With a litre of petrol now costing South Africans as much as a 2-litre bottle of Coca-Cola, and petrol prices predicted to continue increasing, more South African motorists are likely to consider switching to public transport.
The Automobile Association (AA) warned that before motorists decide on the switch, there are important considerations to take into account to ensure they choose the type of public transport that suits them best in terms of affordability, access, and reliability.
“With transport accounting for 76,4% of all consumption expenditure, finding alternative means of commuting to and from work will be essential for many citizens’ household budgets,” said the AA in a statement.
“Apart from the increased expense, commuting to work as a motorist is also becoming more dangerous due to behavioural changes of motorists. Distracted driving, which is caused by texting and driving, is now the cause of one in every four South African accidents.”
The statement is supported by the Zendrive’s 2018 Distracted Driving analysis, which was conducted in the US, and involved a research study of more than 16 billion kilometres worth of driving behaviour. The analysis showed that:
- Motorists use their phones for an average of 1 minute, 52 seconds for every hour they spend behind the wheel;
- 40% of motorists use their phones at least once at any given hour they are driving; and
- Out of 100 trips, motorists will use their phones 88 times.
“Reliable, affordable and accessible public transport can, therefore, play an important role in many South Africans daily lives in the future. Not only can it relieve the pressure on their household budgets, but take distracted driving, out of the equation and make a positive impact on lowering the risk of commuting on South African roads.”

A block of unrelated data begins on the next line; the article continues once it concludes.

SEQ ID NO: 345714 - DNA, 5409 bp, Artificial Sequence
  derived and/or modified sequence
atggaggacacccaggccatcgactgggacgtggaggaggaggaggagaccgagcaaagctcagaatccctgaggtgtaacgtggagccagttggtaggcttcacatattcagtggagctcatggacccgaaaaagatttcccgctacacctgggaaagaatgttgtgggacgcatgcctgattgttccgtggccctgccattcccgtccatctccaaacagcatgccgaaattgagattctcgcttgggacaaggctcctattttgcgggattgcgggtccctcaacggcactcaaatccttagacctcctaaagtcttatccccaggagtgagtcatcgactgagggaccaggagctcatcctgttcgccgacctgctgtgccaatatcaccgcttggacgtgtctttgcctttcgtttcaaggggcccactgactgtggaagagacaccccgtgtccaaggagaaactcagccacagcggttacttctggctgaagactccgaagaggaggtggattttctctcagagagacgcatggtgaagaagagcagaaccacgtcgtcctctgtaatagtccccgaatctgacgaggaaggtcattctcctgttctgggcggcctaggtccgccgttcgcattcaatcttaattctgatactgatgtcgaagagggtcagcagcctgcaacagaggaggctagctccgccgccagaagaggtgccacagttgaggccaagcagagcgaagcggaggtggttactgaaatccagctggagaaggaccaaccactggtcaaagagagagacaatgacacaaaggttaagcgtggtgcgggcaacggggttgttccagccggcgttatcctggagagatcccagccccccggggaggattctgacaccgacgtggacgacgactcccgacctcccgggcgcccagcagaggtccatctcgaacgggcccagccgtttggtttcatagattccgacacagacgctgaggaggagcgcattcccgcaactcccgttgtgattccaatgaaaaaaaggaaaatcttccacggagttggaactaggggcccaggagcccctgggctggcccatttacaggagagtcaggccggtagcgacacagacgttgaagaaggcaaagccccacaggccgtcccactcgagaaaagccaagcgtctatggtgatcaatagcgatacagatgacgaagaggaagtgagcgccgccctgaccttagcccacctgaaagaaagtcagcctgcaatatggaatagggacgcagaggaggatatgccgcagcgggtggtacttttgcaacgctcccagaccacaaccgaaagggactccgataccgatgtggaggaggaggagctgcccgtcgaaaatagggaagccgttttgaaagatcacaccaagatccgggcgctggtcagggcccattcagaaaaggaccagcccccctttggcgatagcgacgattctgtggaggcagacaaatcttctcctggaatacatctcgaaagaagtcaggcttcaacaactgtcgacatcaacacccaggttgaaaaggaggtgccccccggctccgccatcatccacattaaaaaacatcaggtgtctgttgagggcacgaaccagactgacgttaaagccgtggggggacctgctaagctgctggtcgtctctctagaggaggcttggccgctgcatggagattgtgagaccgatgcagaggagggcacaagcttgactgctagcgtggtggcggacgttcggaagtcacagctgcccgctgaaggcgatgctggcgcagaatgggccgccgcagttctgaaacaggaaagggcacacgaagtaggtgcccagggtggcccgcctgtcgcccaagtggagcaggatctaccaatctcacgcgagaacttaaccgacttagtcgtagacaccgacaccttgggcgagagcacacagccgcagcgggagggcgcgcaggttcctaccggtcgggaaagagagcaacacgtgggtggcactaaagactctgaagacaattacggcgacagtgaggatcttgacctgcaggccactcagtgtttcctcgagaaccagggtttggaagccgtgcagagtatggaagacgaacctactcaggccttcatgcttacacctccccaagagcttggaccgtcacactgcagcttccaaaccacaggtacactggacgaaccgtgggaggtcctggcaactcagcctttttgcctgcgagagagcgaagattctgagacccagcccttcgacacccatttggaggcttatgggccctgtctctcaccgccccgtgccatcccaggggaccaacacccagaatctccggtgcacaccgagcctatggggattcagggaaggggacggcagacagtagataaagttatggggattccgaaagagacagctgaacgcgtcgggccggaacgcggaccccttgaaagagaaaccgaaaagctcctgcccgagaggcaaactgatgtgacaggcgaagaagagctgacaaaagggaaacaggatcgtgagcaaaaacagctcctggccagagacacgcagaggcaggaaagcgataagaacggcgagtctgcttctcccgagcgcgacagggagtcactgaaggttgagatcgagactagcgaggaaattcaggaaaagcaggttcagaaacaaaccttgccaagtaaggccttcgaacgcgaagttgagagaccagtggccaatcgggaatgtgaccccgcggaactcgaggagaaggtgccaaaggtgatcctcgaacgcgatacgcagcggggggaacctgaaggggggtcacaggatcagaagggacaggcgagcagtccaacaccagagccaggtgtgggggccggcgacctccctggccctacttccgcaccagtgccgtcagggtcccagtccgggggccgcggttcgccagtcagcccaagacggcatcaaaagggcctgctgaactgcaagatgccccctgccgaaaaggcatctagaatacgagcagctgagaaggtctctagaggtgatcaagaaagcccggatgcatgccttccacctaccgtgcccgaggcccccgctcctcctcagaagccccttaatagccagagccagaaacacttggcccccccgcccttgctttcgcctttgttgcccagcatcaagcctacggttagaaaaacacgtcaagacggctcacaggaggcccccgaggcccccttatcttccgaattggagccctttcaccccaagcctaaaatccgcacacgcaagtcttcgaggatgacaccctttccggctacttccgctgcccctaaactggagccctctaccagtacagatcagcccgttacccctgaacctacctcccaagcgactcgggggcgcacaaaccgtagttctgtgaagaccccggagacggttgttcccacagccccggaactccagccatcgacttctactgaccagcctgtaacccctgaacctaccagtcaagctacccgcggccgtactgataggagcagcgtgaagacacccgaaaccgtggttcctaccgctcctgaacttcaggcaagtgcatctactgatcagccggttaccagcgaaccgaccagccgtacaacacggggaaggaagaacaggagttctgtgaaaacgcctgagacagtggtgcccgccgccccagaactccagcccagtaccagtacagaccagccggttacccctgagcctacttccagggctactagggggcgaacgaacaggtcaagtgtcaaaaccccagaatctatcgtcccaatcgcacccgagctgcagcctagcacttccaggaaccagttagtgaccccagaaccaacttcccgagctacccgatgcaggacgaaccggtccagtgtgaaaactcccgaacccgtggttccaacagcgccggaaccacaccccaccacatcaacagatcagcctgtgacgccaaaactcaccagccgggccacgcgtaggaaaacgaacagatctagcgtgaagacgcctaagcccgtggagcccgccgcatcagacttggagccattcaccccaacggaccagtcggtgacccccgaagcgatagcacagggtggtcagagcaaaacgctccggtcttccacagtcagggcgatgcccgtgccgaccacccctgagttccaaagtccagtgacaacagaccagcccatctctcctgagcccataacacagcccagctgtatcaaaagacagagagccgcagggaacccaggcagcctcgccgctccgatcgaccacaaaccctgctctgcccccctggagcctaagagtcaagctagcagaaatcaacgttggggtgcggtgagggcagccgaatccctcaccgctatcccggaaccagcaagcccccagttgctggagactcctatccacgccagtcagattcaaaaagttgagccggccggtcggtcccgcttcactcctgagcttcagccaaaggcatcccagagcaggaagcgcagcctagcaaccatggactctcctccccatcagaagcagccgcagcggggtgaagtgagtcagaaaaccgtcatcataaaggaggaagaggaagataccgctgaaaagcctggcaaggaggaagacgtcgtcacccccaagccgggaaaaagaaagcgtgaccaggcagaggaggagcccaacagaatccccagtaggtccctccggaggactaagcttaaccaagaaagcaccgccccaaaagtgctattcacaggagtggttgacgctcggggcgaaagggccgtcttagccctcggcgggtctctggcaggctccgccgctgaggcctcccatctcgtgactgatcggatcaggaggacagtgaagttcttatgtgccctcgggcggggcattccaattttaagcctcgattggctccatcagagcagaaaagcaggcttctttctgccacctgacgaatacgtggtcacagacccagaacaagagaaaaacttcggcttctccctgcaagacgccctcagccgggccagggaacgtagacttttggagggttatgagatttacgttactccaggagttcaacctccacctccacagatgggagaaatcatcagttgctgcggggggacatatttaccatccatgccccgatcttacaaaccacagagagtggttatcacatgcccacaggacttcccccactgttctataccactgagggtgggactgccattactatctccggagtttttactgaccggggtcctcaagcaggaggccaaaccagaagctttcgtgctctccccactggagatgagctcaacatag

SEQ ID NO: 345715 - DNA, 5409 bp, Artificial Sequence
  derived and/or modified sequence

Should people bus it?
Currently, the two most widely used modes of public transport in South Africa are buses and taxis. Many South Africans may not be informed about the differences between the two industrys, which can affect everything from, affordability, service levels, accessibility to destinations, and safety.
According to Professor Jackie Walters, Head of the Department of Transport and Supply Chain Management, due to regulatory requirements, bus operators could be more efficient in that they have to adhere to prescribed timetables and routes, regardless of whether the bus is at full capacity or not.
They must also offer services (albeit limited) during the evenings, over weekends and public holidays.
Regarding fares, Walter said many non-profitable bus routes are kept active to meet the social needs of the population and bus fares subsidised to make this form of public transport more affordable to the general public.
Bus operations are also independently monitored to ensure that contracted services (where they are in place) adhere to contract requirements.
Walters noted that in terms of safety, bus companies spend significant amounts on training and training facilities and invest in the business and operational infrastructure such as office space, depots and maintenance and training facilities.
“Drivers are, for instance, formally trained and re-trained on driving buses safely and are fully aware of their responsibilities.
“Regarding road-worthiness, buses must be maintained according to the specifications prescribed in the National Road Traffic Act and road-worthy tests are compulsory every six months.”